The NYNH&H completed its first stretch of electrified territory between Woodlawn Junction, New York and Stamford, Connecticut in the summer of 1907 and by 1915 wires reached New Haven. By the late 1920s the NYNH&H had strung wires 672 miles across its system, which would also be the pinnacle of electrified territory on the railroad. Unfortunately, while the New Haven planned to reach Boston it ran out of money and never saw the endeavor completed (although Amtrak finally did complete the “gap” in the early 2000s). Initially the New Haven experienced frequent service failures with its AC system, which perhaps is to be expected when developing a brand new, untried technology. However, within a few years the railroad had most of the kinks and outage problems fixed and thus went on to take advantage of all AC had to offer.
Most of the early New Haven Railroad electric locomotives were delivered from Westinghouse. Its first batch of 41 electrics featured a B-B wheel arrangement with gearless traction motors (although over-the-road issues forced the motors to be rebuilt with added, unpowered, front “pony” trucks). Classified as EP-1s by the NYNH&H they were rated at around 1,000 hp and were used exclusively in passenger service (thus their EP designation which stood for “electric passenger”).
Other early New Haven Railroad electric locomotives included its freight class, EF-1s, also developed by Westinghouse. Sporting a 1-B-B-1 wheel arrangement, the NYNH&H took delivery of 36 of the geared and side-rod locomotives using them only north of New York City and Grand Central Terminal where they did not have to be equipped for both overhead and third-rail running like their EP-1 cousins (since New York Central’s electrified lines were entirely third-rail powered).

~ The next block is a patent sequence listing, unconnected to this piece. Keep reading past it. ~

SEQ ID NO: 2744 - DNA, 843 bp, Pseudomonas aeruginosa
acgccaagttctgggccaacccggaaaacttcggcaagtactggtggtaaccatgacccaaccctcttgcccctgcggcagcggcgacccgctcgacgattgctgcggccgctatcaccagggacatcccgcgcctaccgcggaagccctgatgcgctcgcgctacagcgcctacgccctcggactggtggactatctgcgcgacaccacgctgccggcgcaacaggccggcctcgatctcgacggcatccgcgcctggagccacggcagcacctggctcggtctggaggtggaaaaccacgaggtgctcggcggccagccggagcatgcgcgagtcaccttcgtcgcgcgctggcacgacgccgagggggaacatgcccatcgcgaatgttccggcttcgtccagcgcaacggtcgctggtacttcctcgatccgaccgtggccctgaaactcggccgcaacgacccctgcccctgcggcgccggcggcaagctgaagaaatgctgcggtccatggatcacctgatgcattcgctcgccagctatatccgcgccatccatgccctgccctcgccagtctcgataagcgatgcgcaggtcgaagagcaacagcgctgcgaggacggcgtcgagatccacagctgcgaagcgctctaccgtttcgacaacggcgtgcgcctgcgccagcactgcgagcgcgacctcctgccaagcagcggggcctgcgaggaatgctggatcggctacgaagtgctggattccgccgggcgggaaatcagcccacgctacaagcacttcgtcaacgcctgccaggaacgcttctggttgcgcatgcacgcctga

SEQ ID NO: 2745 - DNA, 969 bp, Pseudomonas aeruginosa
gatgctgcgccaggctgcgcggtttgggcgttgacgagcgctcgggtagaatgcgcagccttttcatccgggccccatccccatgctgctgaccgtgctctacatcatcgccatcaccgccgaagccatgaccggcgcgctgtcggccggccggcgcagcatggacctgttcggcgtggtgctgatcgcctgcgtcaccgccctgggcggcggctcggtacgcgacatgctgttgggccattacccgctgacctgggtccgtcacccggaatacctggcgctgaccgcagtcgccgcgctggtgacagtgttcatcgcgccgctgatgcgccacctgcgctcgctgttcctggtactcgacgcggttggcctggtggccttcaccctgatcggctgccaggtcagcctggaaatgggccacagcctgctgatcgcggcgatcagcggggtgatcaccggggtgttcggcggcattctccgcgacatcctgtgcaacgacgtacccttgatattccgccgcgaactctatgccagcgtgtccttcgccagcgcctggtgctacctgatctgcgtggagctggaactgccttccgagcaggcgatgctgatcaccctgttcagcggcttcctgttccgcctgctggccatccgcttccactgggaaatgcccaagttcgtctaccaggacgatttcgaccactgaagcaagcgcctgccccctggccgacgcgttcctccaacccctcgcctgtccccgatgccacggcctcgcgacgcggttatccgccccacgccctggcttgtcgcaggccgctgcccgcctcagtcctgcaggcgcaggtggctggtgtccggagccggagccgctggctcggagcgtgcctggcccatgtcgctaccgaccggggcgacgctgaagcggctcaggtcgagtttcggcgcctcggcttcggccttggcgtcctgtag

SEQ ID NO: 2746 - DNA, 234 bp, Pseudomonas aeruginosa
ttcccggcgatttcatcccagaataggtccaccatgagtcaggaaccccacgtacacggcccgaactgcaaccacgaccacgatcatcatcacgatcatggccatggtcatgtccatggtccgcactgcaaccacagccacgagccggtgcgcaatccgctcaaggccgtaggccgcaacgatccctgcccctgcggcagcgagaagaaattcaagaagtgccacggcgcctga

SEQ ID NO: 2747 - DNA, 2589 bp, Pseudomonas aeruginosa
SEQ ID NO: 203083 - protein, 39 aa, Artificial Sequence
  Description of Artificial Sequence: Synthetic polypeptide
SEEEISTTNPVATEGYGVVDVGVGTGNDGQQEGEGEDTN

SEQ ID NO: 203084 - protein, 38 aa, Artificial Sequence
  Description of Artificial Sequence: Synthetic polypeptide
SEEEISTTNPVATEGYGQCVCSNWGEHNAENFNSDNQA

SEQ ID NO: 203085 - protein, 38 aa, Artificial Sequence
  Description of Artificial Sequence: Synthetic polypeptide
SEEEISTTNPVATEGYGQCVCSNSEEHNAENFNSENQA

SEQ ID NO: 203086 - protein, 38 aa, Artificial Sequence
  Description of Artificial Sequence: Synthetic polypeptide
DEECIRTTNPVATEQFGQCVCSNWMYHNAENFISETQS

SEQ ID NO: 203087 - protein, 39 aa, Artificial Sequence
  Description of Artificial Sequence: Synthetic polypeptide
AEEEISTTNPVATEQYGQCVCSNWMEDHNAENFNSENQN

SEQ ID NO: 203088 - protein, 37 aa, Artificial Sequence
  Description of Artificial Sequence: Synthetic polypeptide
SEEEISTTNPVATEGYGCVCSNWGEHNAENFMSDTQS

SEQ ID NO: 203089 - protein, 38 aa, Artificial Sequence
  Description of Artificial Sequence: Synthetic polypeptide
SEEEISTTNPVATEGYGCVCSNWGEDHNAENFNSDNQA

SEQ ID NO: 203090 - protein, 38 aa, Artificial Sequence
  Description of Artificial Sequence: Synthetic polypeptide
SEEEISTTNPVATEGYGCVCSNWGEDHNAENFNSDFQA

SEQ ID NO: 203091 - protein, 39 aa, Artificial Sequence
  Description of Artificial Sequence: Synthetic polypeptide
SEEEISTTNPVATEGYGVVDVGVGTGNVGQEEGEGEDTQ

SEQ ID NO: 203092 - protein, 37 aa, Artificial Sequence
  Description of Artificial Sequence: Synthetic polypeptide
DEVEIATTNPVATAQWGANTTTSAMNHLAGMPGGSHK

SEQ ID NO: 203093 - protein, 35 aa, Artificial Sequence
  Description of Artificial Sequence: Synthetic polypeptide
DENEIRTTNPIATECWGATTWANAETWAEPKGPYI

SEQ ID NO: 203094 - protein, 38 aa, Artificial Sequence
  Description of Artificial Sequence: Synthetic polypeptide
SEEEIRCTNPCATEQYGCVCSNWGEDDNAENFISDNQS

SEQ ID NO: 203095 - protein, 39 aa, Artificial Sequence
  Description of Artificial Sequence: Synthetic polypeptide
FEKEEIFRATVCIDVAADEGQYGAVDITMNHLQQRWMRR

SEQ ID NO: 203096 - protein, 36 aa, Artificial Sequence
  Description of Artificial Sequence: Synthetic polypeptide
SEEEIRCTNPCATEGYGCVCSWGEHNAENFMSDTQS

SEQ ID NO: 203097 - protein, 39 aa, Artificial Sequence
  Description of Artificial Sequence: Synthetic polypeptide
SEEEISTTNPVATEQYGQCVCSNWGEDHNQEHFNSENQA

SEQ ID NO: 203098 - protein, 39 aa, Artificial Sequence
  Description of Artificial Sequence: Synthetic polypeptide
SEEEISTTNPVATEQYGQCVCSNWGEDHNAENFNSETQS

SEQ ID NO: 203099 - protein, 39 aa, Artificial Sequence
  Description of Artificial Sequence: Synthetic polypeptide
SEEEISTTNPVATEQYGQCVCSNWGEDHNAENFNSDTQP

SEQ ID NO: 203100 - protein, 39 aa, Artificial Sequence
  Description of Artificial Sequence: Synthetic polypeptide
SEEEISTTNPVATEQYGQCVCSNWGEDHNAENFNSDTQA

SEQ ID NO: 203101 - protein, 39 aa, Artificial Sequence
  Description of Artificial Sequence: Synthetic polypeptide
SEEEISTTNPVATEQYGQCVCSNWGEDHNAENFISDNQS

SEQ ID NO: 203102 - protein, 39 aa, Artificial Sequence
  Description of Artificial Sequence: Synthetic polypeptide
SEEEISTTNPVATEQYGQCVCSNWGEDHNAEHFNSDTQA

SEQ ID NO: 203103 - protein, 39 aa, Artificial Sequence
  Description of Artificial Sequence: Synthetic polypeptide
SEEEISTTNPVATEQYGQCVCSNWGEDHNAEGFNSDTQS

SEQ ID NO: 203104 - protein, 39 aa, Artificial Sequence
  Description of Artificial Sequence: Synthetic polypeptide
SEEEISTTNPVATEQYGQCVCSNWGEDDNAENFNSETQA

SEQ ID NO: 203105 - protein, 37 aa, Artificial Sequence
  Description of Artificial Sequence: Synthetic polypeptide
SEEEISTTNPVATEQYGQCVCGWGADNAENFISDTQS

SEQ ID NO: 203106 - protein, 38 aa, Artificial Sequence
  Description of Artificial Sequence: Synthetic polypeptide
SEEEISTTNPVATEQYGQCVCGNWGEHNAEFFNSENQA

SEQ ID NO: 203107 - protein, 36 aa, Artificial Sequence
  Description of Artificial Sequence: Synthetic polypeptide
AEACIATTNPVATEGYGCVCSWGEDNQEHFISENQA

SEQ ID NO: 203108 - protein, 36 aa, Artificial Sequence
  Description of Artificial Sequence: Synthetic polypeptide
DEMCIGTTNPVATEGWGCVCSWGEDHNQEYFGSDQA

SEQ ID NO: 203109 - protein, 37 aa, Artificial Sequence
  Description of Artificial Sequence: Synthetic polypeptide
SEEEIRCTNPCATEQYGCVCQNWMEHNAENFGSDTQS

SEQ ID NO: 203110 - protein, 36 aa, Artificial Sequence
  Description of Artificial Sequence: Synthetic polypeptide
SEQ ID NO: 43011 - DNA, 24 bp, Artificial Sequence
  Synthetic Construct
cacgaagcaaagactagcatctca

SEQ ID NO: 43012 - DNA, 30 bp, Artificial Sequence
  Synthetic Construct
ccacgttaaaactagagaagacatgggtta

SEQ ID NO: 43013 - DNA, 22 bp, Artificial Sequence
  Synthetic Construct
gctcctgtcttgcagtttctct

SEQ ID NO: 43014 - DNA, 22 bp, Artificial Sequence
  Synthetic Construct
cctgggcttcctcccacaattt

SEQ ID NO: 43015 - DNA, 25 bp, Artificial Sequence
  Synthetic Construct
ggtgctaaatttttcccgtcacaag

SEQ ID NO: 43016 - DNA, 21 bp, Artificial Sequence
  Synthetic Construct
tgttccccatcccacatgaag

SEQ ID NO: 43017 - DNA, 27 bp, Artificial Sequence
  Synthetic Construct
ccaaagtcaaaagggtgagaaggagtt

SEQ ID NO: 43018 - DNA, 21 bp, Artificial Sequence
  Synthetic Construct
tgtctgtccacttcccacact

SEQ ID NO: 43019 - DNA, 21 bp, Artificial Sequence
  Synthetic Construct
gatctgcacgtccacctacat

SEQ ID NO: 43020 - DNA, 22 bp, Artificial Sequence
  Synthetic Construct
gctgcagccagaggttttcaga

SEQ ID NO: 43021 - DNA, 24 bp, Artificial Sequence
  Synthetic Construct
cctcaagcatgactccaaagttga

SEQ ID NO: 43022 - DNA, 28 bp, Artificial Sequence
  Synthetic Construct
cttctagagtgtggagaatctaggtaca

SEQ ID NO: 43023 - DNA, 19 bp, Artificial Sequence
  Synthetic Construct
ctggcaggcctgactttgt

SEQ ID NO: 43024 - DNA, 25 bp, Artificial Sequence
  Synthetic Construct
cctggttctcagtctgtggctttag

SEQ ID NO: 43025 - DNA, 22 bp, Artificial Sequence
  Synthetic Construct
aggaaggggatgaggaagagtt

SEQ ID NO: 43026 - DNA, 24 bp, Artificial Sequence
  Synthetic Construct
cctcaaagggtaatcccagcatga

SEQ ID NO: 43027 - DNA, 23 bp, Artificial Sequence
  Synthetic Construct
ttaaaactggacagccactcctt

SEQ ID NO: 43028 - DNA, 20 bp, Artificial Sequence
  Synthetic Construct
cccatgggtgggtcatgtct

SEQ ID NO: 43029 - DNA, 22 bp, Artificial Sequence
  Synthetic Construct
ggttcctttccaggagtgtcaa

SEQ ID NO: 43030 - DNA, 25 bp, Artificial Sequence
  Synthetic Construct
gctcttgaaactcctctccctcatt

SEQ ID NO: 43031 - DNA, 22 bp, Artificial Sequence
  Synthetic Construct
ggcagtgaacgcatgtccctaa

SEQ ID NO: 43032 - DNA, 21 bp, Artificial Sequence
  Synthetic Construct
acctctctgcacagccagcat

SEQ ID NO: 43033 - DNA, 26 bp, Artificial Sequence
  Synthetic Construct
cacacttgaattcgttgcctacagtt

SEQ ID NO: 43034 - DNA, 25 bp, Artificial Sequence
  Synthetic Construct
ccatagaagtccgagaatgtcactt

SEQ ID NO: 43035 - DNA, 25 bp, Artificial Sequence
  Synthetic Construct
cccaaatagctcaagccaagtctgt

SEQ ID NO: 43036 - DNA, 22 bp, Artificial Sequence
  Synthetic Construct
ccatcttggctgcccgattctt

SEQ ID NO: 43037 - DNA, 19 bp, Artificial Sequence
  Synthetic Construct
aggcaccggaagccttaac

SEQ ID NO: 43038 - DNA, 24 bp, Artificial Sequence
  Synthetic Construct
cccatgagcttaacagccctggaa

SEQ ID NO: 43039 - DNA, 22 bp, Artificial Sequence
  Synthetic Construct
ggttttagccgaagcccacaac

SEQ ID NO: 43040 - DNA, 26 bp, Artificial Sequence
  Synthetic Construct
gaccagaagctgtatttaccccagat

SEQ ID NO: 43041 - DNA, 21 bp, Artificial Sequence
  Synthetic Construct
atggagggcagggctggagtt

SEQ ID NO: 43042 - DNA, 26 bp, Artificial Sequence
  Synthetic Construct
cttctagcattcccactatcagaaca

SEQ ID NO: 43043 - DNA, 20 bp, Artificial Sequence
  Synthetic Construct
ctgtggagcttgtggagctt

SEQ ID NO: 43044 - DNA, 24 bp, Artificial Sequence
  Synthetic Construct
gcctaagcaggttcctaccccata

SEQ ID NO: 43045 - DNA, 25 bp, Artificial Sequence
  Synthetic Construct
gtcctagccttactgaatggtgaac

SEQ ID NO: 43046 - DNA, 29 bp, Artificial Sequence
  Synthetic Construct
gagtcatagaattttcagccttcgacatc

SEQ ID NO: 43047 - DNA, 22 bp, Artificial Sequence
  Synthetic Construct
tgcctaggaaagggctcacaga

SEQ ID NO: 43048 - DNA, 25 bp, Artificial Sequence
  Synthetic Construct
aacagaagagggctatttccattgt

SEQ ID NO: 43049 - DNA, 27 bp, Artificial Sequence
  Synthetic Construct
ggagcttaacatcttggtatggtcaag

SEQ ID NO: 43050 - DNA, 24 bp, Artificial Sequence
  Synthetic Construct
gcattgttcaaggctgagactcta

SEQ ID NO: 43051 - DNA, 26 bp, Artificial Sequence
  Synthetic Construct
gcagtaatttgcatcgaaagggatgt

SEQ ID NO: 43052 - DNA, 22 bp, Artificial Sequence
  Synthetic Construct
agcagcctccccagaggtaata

Around 1920 the NYNH&H began taking delivery of its “second-generation” of motors. Classified as EP-2s they carried a 1-C-1+1-C-1 wheel arrangement and produced about double the power of their earlier cousins, or a little over 2,000 hp. And, although more powerful than the EP-1s, they were essentially of the same design and build. Early New Haven Railroad electric locomotives would pave the way for future models that were not only more powerful and efficient but also for the first time included good looks and streamlining, such as was the case with the railroad’s EP-4 class, AC rectifiers and FL9s.
For more information regarding early New Haven Railroad electric locomotives please click here. For more reading on early New Haven Railroad electric locomotives, and essentially all of the railroad’s motors, please consider Electric Locomotives by Brian Solomon. The book details most electric locomotives used in the United States beginning with the B&O’s Baltimore project and extensively covers the NYNH&H’s operations, in much more detail than what I have here. Lastly, for more reading on the New Haven Railroad itself consider New Haven Railroad from Peter Lynch. The book gives you a great overview and history of the NYNH&H (and it is filled with many, excellent, historical and colorful photographs). If you have an interest in the New Haven or Northeastern railroading in general, I'm sure you will enjoy the book. If you're interested in perhaps purchasing either (or both) of these books please visit the links below which will take you to ordering information through Amazon.com, the trusted online shopping network.